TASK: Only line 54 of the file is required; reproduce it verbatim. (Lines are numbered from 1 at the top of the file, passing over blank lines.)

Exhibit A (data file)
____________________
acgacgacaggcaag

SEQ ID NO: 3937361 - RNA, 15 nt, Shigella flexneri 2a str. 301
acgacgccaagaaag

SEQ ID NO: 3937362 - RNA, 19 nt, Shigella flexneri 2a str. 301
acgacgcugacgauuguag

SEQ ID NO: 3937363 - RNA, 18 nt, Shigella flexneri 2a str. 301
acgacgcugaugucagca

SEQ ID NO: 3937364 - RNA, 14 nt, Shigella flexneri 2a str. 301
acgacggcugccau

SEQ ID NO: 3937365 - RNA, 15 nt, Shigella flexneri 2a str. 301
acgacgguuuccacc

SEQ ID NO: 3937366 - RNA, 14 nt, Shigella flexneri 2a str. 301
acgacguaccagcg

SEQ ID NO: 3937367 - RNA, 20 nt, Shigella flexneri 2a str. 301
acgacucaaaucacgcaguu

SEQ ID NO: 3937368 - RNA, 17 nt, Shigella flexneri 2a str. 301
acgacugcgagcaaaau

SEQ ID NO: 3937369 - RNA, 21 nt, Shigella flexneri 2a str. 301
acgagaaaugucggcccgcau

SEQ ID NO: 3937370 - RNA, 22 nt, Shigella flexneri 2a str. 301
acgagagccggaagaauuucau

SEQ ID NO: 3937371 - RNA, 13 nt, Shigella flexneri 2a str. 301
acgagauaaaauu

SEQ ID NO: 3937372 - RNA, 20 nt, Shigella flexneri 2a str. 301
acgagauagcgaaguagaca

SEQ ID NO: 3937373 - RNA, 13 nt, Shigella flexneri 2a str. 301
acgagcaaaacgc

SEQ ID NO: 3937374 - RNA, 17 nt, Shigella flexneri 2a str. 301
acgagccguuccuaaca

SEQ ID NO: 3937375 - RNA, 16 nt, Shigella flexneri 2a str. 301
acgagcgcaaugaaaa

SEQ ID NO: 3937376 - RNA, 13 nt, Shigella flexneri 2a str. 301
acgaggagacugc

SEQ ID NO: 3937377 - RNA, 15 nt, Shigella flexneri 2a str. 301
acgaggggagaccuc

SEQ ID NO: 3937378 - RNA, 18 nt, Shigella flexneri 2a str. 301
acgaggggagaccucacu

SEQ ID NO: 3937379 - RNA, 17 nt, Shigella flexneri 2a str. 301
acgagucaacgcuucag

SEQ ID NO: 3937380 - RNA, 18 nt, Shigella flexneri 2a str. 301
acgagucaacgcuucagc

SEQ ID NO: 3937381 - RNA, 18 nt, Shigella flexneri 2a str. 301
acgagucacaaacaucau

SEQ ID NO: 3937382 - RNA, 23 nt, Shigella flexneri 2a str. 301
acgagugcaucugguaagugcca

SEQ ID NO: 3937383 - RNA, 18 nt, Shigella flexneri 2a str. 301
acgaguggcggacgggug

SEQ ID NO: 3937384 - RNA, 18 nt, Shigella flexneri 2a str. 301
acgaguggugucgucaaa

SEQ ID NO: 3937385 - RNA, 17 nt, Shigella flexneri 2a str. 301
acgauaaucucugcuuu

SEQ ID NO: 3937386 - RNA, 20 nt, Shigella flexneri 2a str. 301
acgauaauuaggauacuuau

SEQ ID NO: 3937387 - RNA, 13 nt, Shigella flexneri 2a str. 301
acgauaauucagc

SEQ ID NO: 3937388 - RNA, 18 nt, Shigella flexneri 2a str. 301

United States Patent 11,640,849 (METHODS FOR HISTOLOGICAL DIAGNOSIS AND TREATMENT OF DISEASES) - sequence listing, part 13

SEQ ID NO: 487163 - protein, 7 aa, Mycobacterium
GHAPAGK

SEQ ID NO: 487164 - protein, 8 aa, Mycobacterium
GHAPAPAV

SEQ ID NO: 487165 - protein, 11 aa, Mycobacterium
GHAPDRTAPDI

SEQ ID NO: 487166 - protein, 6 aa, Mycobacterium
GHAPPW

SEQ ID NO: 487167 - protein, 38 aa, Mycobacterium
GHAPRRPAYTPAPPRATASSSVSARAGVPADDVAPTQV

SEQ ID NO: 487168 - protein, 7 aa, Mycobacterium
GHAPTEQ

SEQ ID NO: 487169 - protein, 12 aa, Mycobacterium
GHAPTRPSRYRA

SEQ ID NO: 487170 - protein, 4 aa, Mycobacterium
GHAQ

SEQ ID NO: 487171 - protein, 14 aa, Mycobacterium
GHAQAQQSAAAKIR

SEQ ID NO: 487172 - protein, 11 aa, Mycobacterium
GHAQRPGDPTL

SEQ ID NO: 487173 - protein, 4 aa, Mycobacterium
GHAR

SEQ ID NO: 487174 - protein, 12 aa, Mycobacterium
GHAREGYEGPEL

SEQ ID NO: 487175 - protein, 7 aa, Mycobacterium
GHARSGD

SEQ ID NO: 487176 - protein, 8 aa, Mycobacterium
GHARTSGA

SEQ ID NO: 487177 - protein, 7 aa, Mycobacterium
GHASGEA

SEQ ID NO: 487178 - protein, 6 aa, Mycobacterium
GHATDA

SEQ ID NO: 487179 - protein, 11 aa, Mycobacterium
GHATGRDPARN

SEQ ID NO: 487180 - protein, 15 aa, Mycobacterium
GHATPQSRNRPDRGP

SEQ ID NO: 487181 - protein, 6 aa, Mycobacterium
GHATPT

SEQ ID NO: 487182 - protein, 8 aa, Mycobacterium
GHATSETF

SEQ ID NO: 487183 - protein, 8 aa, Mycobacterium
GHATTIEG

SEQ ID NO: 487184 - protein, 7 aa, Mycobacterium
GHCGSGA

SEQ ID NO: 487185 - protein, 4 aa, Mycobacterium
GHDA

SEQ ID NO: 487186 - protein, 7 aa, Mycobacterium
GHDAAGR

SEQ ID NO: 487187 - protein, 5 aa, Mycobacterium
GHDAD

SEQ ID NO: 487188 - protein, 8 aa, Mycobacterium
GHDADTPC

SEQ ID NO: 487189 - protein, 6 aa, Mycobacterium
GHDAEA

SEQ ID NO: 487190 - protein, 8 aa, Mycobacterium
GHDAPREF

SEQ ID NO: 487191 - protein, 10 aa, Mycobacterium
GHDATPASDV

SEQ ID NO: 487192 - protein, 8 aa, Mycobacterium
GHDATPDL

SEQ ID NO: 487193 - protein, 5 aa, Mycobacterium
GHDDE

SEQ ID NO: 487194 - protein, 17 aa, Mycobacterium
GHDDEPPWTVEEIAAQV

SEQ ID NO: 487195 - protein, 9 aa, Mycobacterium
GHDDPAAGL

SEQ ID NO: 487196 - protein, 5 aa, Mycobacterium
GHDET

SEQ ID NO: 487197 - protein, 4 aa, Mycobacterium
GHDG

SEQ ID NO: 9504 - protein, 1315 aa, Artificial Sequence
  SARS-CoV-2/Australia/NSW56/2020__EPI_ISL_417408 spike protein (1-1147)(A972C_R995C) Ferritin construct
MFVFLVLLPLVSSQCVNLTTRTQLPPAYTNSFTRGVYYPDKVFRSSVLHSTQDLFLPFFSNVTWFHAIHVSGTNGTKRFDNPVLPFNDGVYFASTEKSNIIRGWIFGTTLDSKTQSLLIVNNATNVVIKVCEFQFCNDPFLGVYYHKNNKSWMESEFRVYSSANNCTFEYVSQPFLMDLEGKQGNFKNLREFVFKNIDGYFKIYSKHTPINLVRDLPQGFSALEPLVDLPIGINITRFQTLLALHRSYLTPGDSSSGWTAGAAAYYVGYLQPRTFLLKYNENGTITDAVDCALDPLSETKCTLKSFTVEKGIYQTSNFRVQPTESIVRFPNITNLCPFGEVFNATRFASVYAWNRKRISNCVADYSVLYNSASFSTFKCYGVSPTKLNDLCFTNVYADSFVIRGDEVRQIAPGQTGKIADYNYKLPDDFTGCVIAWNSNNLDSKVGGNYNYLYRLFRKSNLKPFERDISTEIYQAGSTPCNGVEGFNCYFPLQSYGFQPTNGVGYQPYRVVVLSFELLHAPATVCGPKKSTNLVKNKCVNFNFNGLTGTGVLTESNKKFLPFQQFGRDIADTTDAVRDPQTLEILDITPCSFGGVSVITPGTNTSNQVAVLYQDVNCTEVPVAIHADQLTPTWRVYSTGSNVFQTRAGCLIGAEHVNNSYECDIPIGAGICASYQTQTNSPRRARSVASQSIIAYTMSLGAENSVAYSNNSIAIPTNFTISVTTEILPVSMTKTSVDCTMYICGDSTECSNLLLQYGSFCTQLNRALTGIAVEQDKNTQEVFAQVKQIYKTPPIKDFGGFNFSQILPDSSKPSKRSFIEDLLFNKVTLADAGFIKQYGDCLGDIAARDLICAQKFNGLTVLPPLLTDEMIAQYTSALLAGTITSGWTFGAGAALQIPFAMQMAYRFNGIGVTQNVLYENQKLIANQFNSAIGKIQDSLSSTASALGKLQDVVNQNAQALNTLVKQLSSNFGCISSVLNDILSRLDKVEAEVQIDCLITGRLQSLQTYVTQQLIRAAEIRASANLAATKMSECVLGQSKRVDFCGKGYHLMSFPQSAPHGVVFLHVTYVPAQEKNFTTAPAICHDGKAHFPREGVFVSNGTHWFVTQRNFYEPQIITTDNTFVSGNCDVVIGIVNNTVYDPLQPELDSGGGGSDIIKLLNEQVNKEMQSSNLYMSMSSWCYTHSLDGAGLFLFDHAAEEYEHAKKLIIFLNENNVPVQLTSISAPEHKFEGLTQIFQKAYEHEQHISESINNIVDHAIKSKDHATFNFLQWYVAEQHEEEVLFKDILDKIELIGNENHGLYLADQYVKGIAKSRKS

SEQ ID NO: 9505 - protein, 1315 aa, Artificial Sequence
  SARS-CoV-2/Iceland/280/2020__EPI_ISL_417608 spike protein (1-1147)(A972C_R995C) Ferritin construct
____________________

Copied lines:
SEQ ID NO: 3937387 - RNA, 13 nt, Shigella flexneri 2a str. 301